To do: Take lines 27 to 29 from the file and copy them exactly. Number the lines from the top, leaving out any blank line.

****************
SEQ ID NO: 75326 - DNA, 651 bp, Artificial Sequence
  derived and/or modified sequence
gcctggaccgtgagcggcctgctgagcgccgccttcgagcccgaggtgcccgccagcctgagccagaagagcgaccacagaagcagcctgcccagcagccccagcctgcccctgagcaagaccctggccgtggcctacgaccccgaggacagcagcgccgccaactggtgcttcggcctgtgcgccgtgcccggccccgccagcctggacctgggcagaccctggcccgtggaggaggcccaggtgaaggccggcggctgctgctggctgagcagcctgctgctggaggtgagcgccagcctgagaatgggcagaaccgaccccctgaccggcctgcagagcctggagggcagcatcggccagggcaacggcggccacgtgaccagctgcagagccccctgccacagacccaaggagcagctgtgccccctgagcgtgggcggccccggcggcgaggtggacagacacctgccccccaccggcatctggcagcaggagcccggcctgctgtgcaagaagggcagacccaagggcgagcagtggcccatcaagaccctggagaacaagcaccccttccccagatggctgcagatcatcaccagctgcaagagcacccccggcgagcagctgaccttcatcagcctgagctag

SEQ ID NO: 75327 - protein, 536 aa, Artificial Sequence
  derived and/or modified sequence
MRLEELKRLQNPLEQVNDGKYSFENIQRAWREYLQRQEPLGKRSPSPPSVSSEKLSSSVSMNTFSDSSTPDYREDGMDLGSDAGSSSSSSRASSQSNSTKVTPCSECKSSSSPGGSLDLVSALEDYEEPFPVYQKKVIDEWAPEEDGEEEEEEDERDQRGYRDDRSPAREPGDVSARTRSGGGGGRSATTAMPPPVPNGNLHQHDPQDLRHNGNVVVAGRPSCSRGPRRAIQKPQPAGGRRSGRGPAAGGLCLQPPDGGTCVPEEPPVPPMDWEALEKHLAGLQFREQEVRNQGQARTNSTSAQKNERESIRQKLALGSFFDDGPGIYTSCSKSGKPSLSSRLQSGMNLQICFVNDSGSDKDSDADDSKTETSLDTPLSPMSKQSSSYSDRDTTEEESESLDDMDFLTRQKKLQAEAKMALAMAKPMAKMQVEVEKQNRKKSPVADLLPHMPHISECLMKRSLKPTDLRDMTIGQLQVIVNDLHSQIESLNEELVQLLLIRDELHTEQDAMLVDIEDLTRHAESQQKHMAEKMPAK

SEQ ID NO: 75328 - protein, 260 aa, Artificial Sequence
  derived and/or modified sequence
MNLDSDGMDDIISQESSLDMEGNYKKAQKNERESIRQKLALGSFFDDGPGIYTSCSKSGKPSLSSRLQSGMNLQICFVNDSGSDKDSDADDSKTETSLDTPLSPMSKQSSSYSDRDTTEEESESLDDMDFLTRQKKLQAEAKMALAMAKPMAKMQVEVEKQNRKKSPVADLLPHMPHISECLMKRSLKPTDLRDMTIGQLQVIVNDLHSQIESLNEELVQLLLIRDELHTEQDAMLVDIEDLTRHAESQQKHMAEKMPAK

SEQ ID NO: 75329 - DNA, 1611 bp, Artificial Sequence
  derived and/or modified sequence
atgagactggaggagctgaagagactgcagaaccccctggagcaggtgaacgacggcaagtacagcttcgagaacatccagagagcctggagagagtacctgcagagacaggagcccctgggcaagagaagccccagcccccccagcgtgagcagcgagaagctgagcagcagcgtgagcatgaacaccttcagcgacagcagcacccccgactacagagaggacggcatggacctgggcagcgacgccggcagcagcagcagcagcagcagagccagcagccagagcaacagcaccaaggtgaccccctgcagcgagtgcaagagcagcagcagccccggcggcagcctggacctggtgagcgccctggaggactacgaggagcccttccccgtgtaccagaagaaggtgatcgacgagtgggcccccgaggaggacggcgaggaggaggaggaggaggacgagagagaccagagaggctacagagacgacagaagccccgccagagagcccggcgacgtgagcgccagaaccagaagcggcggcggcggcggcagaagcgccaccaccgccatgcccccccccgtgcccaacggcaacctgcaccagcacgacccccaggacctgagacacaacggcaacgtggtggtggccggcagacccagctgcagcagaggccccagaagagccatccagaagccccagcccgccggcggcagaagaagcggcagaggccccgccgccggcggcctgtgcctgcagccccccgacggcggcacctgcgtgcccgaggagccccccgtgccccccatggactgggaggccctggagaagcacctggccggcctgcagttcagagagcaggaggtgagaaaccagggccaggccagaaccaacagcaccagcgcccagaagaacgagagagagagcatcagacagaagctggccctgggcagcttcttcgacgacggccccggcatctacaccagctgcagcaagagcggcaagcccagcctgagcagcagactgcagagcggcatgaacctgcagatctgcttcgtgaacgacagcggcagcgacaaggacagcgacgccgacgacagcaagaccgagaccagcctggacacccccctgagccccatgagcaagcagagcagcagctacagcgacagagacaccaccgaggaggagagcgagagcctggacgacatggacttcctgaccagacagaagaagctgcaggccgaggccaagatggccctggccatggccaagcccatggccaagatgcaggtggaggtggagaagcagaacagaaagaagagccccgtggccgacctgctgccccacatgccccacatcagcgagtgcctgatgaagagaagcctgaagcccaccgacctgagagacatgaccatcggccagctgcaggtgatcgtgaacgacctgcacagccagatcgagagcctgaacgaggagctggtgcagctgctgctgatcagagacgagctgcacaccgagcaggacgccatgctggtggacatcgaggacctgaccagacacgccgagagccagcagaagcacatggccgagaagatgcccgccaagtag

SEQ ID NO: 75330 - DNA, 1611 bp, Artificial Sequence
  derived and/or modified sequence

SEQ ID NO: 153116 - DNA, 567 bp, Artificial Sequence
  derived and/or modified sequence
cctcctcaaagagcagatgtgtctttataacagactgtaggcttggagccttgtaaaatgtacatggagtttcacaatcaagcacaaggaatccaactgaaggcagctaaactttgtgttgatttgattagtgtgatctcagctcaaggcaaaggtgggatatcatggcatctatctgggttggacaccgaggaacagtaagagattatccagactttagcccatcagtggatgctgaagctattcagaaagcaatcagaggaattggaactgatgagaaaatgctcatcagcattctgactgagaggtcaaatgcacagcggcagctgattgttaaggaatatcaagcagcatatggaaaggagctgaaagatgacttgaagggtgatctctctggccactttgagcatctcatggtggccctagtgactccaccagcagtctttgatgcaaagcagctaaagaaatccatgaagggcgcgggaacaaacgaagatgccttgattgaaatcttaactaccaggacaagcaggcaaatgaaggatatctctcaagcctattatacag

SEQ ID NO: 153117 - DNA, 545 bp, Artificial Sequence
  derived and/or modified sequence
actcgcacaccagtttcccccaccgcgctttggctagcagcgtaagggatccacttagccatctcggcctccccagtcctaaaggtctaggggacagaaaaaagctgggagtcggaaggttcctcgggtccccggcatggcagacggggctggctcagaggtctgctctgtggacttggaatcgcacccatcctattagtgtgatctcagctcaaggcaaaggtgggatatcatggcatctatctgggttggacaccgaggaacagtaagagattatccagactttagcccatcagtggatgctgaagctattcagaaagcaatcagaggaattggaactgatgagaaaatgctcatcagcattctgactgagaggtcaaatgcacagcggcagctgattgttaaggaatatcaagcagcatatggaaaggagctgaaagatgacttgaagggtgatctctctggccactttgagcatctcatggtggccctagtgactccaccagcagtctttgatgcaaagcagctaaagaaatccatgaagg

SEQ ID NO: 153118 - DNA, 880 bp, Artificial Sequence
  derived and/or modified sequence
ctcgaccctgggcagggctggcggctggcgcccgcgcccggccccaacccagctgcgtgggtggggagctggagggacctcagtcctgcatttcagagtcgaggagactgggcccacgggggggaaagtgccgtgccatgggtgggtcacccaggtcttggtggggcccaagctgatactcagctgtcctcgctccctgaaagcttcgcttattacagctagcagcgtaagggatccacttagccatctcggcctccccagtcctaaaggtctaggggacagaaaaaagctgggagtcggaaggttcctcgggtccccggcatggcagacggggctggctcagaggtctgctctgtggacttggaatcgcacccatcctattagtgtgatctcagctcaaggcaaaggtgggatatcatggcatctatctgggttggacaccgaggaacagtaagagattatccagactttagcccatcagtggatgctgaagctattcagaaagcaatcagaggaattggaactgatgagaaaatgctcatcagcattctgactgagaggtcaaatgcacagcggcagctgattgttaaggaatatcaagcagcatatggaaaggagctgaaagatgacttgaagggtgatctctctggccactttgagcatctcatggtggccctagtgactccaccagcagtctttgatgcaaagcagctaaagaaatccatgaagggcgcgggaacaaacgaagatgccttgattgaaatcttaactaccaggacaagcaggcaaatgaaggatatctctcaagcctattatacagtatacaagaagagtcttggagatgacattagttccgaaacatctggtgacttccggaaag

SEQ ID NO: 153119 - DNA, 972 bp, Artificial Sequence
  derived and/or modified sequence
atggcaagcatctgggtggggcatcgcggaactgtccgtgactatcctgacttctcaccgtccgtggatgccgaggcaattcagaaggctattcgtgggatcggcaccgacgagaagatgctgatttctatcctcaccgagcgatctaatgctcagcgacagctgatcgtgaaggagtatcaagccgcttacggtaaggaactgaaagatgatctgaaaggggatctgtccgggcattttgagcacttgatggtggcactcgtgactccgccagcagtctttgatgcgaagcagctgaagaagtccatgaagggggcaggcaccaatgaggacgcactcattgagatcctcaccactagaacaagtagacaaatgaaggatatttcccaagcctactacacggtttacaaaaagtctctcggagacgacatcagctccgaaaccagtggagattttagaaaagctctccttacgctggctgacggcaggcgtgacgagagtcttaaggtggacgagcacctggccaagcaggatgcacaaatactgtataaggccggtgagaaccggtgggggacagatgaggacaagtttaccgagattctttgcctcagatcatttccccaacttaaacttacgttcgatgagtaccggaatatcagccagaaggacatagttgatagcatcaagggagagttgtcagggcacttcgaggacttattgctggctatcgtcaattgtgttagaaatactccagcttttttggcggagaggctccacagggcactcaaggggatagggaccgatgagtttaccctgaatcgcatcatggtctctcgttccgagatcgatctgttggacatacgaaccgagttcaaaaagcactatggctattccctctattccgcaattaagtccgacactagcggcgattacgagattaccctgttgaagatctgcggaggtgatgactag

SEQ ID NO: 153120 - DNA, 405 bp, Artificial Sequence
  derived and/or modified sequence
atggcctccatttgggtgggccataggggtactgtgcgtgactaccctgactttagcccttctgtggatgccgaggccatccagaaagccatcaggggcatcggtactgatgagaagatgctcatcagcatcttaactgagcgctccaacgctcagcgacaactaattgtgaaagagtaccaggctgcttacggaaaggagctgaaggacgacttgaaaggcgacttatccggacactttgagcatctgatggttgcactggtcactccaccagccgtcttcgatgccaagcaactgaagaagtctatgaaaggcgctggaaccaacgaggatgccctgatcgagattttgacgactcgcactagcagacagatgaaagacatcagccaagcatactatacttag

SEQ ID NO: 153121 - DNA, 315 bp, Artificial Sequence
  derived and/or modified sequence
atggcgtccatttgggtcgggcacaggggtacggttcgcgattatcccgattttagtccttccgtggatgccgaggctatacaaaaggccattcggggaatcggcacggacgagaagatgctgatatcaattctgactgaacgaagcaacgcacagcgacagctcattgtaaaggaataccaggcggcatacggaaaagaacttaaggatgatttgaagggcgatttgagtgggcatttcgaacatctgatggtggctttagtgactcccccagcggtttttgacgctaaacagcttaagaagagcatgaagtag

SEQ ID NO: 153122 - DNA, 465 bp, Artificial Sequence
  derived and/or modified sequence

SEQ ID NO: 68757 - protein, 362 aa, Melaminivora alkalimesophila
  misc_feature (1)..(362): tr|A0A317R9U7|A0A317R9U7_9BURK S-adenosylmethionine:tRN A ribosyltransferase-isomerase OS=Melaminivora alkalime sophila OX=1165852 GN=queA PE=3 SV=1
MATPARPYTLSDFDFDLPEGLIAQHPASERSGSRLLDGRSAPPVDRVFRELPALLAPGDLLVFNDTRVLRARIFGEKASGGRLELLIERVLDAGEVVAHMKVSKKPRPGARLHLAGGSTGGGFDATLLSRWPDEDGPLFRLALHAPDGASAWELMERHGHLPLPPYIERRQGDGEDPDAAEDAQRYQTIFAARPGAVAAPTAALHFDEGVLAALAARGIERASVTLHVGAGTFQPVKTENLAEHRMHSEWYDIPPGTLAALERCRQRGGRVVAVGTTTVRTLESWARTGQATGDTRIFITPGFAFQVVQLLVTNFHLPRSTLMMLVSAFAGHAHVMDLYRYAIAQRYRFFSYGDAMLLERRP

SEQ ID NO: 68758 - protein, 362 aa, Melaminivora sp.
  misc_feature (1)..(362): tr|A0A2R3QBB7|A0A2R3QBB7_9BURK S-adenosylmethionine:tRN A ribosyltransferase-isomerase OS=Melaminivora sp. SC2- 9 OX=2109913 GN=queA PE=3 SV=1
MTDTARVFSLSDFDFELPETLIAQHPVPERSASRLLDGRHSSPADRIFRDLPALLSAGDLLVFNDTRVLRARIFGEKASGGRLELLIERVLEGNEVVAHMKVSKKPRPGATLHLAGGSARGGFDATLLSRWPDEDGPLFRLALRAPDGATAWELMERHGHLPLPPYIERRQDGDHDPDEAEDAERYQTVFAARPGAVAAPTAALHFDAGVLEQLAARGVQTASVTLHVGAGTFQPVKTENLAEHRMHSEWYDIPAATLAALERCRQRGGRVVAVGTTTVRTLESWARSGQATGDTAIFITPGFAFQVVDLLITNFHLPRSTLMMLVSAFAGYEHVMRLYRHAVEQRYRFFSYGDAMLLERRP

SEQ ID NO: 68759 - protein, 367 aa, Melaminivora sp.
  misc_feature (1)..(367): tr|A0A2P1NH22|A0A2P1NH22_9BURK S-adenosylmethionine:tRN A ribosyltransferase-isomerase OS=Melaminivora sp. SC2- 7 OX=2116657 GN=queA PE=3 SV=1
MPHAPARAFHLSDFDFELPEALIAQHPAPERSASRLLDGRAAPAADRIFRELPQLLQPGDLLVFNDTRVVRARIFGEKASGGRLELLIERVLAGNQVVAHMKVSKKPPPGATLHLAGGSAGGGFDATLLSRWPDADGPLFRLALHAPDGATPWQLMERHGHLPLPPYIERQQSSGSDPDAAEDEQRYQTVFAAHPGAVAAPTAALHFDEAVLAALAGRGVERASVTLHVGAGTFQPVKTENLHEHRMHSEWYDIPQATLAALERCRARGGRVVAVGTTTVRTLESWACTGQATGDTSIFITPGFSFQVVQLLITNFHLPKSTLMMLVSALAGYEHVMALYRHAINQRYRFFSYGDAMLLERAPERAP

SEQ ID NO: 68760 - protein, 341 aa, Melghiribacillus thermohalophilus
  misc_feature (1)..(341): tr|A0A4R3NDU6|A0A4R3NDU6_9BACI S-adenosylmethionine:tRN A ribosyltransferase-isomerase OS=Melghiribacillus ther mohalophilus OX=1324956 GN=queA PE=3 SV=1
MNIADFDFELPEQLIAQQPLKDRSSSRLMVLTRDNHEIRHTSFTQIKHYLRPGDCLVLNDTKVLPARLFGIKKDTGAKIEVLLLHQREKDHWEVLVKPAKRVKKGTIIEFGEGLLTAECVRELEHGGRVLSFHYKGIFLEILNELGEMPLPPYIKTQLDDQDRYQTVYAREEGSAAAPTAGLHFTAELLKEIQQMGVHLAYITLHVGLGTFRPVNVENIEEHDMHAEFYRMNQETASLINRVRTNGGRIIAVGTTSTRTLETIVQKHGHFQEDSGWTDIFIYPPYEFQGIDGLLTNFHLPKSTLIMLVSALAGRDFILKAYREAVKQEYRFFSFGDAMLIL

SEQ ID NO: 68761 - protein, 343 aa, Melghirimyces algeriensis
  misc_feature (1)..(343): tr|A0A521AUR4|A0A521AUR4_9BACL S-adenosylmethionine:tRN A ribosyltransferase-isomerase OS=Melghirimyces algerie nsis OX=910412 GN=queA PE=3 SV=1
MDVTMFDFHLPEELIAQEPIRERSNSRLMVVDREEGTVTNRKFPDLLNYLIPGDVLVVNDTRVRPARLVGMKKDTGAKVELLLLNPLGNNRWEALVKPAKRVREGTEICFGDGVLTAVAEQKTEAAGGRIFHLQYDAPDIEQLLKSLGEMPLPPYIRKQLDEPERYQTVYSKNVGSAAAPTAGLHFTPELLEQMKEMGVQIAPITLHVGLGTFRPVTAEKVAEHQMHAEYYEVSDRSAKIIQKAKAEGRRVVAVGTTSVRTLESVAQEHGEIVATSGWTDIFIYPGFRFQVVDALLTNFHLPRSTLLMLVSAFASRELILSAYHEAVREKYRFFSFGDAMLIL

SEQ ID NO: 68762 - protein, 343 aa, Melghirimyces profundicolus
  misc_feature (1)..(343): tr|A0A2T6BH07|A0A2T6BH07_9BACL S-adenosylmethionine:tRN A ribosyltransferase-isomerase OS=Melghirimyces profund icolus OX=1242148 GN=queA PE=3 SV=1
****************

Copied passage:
SEQ ID NO: 153120 - DNA, 405 bp, Artificial Sequence
  derived and/or modified sequence
atggcctccatttgggtgggccataggggtactgtgcgtgactaccctgactttagcccttctgtggatgccgaggccatccagaaagccatcaggggcatcggtactgatgagaagatgctcatcagcatcttaactgagcgctccaacgctcagcgacaactaattgtgaaagagtaccaggctgcttacggaaaggagctgaaggacgacttgaaaggcgacttatccggacactttgagcatctgatggttgcactggtcactccaccagccgtcttcgatgccaagcaactgaagaagtctatgaaaggcgctggaaccaacgaggatgccctgatcgagattttgacgactcgcactagcagacagatgaaagacatcagccaagcatactatacttag